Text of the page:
What makes a comic underrated? Is it a lack or readers or reviews? Is it a lack of acclaim or attention? Mostly likely, it’s a bit of all of the above, but the metric I’m using for this list to keep things truly and deeply underrated is titles with Goodreads ratings of under (or around) 1,000. That means that very few readers (or at least the ones with an active Goodreads account) have read these comics and graphic novels. And that’s a shame, because these 20 titles are among the best underrated graphic novels — and you’ve probably never even heard of them.
These underrated graphic novels come from indie presses like BOOM! Studios, Image Comics, Oni Press, and Insight Comics. Some were originally self-published as webcomics while others feature writers and artists you might recognize from other projects you love. And they span almost every genre and age group. The one thing that all have in common is that not nearly enough people know about them. But we’re about to change that. These 20 underrated graphic novels deserve your attention as much as any bestseller, so let’s dive into what makes them great and why you shouldn’t hesitate to read them.
The Many Deaths of Laila Starr by Ram V., Filipe Andrade, Inês Amaro, and AndWorld Design
When the god of death is fired, she vows revenge on the one who put her out of business: a baby who will help humanity discover immortality. Now this former god is living as a mortal twentysomething in Mumbai and her quest for revenge is…not going well. Good thing she still has some friends in high places to bring her back when she dies, dies, and dies again.
Prism Stalker by Sloane Leong
This gorgeous graphic novel follows a girl from a displaced planet who’s surviving people have been forced to work as indentured citizens in a foreign colony. But a private military firm offers a way out; they need help settling a strange new planet and are taking on recruits. Soon Vep finds herself training to fight on a planet teeming with psychic life. And the new recruits are expected not only to fight against the psychic creatures they come up against, but fight with the planet’s psychic powers themselves.
Isola by Brenden Fletcher, Karl Kerschl, and MSASSYK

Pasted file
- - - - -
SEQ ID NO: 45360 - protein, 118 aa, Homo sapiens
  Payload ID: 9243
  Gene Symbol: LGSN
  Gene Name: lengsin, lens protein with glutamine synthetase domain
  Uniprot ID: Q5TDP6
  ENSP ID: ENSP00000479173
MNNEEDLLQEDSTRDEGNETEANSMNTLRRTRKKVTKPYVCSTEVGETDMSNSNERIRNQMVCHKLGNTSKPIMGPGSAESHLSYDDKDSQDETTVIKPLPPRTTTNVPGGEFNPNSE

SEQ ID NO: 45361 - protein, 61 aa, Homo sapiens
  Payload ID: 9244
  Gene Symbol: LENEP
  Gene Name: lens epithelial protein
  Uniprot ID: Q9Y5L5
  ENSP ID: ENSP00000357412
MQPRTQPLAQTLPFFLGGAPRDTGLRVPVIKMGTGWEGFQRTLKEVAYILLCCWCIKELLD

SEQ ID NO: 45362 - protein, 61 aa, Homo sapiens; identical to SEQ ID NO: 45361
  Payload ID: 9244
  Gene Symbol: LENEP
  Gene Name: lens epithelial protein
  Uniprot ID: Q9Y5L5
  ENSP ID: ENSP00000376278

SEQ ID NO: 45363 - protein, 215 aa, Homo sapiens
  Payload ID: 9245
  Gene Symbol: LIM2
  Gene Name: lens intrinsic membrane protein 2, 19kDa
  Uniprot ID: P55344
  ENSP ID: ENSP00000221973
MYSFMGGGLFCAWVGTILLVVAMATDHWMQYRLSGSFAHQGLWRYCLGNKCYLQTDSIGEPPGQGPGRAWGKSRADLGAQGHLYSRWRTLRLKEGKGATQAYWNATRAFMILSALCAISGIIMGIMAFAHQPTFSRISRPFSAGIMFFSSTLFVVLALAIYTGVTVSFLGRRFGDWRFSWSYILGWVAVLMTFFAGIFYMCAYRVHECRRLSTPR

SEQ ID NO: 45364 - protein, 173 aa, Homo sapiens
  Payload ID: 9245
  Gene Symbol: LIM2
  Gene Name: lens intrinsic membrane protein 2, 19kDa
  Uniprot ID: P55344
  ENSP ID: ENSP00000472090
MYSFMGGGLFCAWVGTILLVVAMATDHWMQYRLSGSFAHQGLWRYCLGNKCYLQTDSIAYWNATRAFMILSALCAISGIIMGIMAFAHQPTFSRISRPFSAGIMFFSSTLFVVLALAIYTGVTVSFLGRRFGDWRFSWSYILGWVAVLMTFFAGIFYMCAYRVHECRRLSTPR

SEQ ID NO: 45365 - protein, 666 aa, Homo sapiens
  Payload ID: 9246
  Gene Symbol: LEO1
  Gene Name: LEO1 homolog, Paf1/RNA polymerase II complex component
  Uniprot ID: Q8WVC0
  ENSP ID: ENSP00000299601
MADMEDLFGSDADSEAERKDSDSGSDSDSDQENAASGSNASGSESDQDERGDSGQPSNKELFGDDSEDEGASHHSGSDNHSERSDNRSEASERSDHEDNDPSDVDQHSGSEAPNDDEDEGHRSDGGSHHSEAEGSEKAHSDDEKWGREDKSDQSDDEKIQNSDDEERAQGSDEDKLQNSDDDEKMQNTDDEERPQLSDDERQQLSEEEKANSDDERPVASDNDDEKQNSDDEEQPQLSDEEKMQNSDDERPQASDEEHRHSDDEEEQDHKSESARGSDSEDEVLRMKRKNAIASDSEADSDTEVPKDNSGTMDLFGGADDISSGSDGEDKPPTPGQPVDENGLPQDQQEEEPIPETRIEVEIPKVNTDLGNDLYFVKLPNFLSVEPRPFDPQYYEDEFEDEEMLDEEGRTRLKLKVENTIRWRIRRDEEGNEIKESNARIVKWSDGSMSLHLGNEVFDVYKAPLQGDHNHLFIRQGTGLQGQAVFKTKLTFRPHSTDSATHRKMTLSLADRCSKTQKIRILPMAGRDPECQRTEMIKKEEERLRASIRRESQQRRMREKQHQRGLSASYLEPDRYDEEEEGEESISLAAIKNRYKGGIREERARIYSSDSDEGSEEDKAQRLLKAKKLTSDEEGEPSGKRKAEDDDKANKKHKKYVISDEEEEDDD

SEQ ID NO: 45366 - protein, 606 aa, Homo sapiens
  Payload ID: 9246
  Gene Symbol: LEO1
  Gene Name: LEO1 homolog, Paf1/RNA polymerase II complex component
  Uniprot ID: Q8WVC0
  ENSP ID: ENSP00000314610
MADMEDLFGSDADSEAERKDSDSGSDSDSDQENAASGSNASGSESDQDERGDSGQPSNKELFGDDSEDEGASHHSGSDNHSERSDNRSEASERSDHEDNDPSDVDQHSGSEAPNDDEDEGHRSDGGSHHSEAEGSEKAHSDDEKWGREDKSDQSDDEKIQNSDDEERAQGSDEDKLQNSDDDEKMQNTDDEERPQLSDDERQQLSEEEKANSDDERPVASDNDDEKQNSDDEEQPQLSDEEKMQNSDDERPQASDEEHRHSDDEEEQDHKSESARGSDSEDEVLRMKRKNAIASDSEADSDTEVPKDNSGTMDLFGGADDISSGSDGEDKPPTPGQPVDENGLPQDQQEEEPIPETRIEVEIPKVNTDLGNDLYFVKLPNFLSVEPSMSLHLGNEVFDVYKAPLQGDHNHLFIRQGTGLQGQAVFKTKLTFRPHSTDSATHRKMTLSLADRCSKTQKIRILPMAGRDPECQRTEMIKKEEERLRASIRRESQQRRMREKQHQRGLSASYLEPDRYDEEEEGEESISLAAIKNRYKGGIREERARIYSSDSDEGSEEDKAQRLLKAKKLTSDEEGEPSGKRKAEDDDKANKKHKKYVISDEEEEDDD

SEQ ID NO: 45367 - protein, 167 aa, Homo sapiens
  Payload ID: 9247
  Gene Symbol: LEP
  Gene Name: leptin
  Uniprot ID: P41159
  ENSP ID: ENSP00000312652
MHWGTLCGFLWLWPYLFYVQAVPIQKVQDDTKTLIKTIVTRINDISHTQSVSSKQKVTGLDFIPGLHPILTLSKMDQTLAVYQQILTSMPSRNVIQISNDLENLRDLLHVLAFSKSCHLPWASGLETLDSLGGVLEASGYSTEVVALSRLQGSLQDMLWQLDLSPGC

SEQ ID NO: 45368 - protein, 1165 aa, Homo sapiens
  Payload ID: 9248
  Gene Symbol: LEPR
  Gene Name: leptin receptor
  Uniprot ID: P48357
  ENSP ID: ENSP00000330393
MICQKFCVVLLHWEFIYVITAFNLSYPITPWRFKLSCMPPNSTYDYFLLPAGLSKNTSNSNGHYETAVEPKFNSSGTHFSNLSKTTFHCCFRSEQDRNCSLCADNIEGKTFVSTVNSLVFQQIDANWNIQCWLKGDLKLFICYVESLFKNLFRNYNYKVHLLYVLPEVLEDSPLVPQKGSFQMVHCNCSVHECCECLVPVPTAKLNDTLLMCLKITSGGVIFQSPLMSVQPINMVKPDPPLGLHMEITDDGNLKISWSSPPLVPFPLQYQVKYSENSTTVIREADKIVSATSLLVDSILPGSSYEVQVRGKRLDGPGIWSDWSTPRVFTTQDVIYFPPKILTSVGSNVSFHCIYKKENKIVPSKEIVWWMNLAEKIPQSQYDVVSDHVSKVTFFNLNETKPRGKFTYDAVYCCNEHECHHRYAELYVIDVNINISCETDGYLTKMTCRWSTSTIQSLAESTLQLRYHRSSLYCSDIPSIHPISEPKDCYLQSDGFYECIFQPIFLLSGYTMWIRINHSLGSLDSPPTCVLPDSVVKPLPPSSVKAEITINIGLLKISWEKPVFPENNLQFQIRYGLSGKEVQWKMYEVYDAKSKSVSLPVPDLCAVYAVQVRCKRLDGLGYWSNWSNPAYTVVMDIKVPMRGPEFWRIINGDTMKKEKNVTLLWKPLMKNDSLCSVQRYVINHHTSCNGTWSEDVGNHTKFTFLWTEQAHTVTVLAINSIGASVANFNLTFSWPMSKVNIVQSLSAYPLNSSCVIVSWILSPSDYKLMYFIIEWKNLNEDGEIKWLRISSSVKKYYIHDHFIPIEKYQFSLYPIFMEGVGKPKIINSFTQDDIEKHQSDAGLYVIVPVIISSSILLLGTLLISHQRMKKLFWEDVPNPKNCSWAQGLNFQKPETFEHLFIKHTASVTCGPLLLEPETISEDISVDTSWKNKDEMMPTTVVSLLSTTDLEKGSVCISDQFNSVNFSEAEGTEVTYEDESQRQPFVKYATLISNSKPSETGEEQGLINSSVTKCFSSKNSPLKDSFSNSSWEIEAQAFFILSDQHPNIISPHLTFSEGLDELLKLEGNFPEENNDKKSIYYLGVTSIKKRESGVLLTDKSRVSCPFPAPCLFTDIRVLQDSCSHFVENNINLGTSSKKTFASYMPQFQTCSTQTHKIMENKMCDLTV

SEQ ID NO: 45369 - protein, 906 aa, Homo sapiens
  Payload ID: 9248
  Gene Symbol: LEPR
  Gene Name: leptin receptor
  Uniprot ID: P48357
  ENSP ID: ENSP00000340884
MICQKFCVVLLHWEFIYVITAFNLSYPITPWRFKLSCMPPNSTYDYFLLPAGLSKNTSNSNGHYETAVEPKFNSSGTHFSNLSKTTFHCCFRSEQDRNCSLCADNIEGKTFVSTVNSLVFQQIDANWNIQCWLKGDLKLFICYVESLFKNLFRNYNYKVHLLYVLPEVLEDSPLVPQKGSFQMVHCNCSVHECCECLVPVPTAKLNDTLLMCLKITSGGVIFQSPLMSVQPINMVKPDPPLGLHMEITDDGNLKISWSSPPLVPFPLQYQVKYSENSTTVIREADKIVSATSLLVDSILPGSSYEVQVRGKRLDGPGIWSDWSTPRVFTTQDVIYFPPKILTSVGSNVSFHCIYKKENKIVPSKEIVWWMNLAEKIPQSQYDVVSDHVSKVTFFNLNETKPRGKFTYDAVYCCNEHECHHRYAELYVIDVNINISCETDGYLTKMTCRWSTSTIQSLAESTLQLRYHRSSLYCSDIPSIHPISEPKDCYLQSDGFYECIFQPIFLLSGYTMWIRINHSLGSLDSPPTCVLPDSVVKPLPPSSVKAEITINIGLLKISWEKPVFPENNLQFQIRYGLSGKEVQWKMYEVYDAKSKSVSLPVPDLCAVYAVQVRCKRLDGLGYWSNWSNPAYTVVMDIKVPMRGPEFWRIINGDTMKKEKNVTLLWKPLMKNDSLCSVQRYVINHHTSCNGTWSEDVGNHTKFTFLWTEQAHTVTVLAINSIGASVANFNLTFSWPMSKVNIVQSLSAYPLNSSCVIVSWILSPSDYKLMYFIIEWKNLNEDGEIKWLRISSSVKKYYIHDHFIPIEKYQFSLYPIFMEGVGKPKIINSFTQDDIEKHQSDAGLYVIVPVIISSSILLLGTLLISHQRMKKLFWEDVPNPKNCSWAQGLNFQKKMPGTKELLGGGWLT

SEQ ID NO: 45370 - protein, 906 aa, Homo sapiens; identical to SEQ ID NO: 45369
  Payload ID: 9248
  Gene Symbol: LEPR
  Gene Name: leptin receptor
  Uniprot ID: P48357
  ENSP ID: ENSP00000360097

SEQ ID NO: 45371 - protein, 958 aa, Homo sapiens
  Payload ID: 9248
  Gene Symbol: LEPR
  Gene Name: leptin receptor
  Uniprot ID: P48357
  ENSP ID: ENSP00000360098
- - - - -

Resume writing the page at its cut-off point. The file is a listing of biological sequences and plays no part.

An evil spell turns the Queen of Maar into a black and white tiger and her Captain of the Guard will do anything to keep her safe — and help her turn back. Their best hopes lie in stories of a place called Isola, the land of the dead. But Isola, if it even exists outside of myths, is half a world away. And the journey to get there will push this loyal captain and her cursed queen to their very limits and beyond.
Fun Fun Fun World by Yehudi Mercado
What happens when an invading alien spaceship mistakes a theme park for all of Earth? Well the defunct amusement park, Fun Fun Fun World is in for a wild ride, that’s for sure. Minky believes he’s the best captain ever, even though his warship, the Devastorm 5, is the worst in the fleet. And their last chance to prove their worth and conquer a planet in tribute to their queen is right here on planet Earth. Only he’s a little confused about what Earth is exactly. And the son of Fun Fun Fun World’s head engineer is determined to outwit these wacky alien invaders, and in doing so might just be able to save the planet — and his beloved theme park — from utter destruction.
The Black Bull of Norroway by Cat Seaton and Kit Seaton
Inspired by a classic Scottish fairy tale, Norroway tells the story of a girl named Sibylla who longs for adventure but didn’t expect it to come in the form of a marriage proposal from a giant, magical bull. Can she help this bull transform back into the man he once was? And does she even want to?
Lifetime Passes by Terry Blas and Claudia Aguirre
Jackie Chavez has always loved her local amusement park, Kingdom Adventure, but the place has taken on new meaning since her parents were deported. So when she learns that her aunt won’t be able to afford another season pass, she and her group of sort-of friends decide to take advantage of a little-known loophole: lifetime passes for everyone if one of their party members dies in the park. And since her aunt works at Valley Care Living, a seniors home, finding someone to bring along who might die at the park shouldn’t even be that tricky.
Heavy Vinyl by Carly Usdin and Nina Vakueva
A secret fight club at a local record club introduces Chris to a whole new world when she lands a position at her dream job: working at Vinyl Mayhem. Not only does she get to work alongside her crush and talk about music all day, now she gets to fight back against the patriarchy as part of a teen girl vigilante fight club. Tracking down missing musicians, fighting crime, and punching the patriarchy in the face — it’s all just a day in the life for the team at Vinyl Mayhem.
School for Extraterrestrial Girls by Jeremy Whitley and Jamie Noguchi
Starting a new school is never easy, especially when you’re an alien. But when all your fellow classmates are aliens, too, it makes the discovery that your mom and dad aren’t really your mom and dad and you’re actually a fire-wielding alien from another planet a bit easier to swallow. Still, Tara will have to get a handle on her newly discovered powers if she wants to succeed at her new school and make friends along the way.
Afar by Leila del Duca and Kit Seaton
Astral projection is all fun and games — until someone gets hurt. And when Boetema learns that she can astrally project her consciousness into the bodies of people on other planets, it seems like exactly that: a bit of fun. But then she accidentally gets a girl hurt while possessing her body, and now she and her trouble-prone brother must work together to right a series of wrongs strewn out across the galaxy.
M.F.K. by Nilah Magruder